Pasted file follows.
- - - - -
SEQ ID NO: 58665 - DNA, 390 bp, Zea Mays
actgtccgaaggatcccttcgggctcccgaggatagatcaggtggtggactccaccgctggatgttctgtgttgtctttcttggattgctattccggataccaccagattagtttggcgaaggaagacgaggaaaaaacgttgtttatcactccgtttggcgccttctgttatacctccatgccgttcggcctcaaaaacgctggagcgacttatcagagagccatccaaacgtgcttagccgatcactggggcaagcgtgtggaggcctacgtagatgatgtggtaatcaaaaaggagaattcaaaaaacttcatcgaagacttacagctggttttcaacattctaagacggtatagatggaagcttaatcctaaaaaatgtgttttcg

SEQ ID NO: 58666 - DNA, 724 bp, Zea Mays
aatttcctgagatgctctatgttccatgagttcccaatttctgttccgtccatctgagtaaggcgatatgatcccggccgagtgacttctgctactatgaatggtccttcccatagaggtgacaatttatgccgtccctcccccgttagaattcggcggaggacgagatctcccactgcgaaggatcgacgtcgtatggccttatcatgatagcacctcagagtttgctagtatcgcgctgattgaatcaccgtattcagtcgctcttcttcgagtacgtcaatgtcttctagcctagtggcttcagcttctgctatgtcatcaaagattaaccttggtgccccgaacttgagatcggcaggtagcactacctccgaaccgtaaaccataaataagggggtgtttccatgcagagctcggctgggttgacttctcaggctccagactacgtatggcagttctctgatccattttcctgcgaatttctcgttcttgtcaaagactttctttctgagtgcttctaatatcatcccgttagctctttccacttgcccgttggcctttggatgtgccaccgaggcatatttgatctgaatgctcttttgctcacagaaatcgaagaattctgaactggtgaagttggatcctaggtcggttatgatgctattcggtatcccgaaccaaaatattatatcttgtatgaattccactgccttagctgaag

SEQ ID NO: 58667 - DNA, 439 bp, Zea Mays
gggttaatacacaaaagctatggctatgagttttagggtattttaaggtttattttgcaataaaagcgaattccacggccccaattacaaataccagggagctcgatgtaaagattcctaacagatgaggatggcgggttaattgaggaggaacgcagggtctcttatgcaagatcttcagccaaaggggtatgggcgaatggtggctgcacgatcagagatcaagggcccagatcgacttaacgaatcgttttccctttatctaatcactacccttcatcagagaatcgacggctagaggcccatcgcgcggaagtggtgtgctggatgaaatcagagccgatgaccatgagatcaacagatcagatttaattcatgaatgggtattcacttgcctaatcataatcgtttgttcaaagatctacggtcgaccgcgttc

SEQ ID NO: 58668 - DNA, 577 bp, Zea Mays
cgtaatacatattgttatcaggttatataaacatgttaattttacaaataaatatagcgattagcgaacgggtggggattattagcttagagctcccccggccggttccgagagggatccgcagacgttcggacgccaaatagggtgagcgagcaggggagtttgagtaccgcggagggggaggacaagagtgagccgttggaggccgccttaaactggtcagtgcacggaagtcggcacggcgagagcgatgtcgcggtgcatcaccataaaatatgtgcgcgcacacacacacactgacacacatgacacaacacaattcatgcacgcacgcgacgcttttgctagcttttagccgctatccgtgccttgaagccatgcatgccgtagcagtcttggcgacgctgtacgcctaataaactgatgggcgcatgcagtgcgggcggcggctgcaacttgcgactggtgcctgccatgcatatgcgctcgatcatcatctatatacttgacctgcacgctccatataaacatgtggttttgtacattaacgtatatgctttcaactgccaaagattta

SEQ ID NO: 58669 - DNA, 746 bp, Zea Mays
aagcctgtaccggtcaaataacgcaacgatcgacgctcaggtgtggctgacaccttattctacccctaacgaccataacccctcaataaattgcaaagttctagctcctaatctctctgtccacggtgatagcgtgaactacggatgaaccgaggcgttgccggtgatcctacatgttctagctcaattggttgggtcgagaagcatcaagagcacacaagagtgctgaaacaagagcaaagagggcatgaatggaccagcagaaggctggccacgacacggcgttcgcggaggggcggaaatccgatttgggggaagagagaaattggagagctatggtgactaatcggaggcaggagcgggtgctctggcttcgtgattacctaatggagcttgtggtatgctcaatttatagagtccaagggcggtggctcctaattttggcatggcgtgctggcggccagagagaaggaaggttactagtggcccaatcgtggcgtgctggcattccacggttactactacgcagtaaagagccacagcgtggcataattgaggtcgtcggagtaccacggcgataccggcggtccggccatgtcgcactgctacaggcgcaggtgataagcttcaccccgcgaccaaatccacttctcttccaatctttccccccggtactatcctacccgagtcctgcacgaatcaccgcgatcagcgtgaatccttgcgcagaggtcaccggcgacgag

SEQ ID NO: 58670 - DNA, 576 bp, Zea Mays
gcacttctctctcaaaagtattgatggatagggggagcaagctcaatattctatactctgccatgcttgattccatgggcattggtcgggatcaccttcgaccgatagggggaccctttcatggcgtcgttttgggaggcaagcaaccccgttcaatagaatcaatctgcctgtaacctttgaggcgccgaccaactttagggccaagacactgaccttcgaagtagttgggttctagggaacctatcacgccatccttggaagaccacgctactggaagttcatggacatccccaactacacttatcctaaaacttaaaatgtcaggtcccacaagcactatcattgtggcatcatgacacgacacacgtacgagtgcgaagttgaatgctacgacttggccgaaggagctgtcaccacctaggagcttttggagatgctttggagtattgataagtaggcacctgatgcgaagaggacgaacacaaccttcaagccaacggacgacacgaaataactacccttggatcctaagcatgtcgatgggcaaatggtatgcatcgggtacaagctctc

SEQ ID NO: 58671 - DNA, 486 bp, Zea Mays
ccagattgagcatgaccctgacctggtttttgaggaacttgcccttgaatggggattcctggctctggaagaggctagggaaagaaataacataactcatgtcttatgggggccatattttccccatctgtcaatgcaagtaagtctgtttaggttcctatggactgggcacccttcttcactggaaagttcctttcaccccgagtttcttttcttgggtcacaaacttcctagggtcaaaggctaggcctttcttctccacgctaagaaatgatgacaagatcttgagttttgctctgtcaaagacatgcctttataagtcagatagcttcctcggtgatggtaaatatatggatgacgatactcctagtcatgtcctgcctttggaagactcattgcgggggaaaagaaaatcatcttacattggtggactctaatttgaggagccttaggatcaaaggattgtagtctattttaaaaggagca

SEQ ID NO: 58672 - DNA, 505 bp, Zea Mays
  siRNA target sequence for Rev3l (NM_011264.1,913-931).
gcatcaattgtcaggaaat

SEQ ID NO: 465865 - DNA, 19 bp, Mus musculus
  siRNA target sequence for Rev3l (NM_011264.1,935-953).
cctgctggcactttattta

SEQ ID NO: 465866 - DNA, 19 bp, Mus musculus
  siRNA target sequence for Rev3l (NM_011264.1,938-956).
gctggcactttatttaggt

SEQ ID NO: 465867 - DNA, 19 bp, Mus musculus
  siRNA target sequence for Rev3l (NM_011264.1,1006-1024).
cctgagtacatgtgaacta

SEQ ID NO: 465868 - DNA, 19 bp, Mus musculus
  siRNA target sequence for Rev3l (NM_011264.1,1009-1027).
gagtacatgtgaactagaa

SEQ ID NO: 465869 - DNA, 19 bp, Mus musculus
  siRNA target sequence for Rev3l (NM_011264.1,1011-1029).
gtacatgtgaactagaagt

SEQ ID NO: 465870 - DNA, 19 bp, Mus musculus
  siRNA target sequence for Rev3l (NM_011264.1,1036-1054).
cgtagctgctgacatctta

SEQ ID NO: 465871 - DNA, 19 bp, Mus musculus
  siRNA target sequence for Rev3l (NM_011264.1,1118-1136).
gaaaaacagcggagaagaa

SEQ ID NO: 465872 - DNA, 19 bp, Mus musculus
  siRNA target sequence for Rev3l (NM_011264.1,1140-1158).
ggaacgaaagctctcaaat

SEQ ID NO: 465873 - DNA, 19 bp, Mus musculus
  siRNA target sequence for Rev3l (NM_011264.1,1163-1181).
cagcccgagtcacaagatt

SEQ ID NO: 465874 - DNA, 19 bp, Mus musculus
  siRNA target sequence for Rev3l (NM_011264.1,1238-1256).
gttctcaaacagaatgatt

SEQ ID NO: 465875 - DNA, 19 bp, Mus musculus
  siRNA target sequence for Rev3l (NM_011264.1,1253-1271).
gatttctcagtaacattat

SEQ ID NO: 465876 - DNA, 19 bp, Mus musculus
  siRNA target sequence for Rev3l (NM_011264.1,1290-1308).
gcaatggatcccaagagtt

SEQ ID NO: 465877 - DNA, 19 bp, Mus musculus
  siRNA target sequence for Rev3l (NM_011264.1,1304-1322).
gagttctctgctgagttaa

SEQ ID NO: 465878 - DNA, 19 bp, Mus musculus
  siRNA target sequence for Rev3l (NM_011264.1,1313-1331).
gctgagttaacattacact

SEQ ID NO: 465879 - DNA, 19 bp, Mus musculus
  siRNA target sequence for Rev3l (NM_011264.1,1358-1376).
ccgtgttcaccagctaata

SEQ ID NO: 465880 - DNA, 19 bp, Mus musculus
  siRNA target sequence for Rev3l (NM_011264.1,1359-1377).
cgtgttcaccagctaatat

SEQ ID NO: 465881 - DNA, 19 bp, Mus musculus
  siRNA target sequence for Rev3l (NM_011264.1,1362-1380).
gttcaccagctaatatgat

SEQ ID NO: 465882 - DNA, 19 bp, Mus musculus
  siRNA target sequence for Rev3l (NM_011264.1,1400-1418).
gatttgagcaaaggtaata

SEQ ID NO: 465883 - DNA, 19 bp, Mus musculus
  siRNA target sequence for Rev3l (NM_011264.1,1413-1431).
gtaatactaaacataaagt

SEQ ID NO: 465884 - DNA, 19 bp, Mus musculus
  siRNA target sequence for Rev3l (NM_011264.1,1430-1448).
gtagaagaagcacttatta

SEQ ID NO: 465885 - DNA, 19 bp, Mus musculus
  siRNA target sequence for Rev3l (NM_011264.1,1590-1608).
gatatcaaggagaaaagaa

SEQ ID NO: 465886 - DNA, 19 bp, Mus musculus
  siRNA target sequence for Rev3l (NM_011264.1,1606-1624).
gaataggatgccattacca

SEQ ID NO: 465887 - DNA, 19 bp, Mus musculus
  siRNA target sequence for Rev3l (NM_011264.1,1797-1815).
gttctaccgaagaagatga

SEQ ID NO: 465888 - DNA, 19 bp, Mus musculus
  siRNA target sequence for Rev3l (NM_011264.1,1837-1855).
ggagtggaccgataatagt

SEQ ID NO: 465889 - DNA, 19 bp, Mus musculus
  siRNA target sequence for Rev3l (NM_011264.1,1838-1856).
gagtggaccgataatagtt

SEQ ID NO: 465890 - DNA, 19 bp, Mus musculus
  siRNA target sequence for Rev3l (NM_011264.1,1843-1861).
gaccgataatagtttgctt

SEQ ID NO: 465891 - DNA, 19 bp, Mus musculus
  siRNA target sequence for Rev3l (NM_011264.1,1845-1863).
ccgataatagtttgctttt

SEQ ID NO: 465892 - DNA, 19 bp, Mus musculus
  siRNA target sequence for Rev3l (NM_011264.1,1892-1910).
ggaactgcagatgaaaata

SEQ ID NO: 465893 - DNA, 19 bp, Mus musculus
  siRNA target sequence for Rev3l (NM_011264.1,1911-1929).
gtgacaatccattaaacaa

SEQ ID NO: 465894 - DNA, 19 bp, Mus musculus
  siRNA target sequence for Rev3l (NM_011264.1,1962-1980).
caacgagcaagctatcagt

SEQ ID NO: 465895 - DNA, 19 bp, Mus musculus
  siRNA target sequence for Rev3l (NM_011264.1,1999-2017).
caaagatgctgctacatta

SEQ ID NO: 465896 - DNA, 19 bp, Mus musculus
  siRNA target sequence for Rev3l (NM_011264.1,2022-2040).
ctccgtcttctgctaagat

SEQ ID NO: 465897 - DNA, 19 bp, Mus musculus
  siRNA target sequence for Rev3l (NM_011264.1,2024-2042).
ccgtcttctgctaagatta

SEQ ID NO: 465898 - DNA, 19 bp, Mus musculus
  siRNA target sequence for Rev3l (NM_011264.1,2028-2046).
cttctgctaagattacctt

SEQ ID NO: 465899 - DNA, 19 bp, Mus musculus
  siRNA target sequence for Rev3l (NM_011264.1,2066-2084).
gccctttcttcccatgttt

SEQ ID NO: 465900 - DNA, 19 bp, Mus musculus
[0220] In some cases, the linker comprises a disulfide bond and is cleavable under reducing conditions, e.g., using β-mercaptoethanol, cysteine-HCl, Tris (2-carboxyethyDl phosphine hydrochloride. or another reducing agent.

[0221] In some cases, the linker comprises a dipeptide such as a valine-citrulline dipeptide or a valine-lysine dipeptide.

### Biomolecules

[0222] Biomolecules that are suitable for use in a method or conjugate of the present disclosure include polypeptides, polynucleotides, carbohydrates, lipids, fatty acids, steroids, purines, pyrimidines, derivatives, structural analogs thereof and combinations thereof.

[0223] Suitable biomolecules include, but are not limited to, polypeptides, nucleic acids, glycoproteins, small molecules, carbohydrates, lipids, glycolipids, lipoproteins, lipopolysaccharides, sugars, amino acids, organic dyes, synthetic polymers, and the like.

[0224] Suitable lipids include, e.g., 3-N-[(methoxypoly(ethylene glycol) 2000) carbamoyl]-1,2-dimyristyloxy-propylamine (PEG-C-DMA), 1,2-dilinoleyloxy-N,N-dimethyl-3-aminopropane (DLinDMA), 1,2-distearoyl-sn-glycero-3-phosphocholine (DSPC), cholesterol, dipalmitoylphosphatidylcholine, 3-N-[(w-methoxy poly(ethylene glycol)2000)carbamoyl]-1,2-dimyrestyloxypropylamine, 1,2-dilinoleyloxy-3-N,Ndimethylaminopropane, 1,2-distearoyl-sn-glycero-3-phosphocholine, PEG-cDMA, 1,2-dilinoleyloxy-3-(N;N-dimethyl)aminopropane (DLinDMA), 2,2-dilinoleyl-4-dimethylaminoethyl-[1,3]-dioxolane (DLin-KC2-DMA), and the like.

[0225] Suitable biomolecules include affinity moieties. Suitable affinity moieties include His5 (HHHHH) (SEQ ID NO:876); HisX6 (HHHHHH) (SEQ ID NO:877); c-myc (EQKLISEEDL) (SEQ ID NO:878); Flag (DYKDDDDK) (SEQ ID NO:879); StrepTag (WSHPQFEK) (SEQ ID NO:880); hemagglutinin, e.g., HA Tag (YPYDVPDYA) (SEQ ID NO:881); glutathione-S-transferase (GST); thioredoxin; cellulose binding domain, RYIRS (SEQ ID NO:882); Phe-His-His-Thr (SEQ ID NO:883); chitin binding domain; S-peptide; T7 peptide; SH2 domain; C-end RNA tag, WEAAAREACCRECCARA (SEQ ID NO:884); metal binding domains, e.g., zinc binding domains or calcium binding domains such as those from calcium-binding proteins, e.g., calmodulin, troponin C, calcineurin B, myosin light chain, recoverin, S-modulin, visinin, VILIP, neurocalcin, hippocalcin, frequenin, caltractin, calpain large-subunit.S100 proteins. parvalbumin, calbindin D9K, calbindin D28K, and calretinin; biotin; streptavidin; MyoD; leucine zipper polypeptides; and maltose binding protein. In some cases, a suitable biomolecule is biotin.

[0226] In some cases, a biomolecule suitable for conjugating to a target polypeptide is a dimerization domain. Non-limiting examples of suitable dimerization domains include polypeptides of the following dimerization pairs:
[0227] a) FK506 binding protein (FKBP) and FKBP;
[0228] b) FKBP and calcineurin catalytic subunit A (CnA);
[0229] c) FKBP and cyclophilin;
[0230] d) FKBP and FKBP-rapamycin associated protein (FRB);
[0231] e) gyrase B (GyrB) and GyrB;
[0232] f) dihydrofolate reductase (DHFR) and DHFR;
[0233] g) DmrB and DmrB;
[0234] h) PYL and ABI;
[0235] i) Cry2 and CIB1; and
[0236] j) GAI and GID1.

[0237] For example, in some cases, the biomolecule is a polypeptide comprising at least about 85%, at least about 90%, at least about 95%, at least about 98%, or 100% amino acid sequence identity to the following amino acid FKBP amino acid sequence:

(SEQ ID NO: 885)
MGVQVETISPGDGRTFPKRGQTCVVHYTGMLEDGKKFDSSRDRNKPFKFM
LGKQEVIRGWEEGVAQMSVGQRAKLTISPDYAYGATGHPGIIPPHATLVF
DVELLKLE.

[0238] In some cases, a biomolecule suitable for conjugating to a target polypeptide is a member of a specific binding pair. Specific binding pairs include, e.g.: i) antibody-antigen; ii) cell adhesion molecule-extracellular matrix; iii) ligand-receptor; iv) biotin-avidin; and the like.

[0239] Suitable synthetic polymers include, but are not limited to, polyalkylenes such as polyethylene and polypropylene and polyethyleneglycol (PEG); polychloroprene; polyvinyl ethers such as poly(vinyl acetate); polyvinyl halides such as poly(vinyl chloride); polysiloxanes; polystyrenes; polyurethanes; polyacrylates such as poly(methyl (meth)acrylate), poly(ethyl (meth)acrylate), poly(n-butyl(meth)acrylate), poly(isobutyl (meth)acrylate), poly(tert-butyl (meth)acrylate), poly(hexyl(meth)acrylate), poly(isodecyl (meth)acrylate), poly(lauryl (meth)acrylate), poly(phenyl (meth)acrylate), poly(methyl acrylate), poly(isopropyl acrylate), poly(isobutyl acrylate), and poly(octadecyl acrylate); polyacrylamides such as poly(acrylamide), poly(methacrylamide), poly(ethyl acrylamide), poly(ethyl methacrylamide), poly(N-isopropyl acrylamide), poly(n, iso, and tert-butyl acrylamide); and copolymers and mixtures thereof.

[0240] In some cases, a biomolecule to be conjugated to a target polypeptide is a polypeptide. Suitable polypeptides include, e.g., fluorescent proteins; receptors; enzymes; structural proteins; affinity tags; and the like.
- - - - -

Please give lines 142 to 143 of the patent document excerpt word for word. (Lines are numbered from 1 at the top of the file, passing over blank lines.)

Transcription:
[0237] For example, in some cases, the biomolecule is a polypeptide comprising at least about 85%, at least about 90%, at least about 95%, at least about 98%, or 100% amino acid sequence identity to the following amino acid FKBP amino acid sequence:

(SEQ ID NO: 885)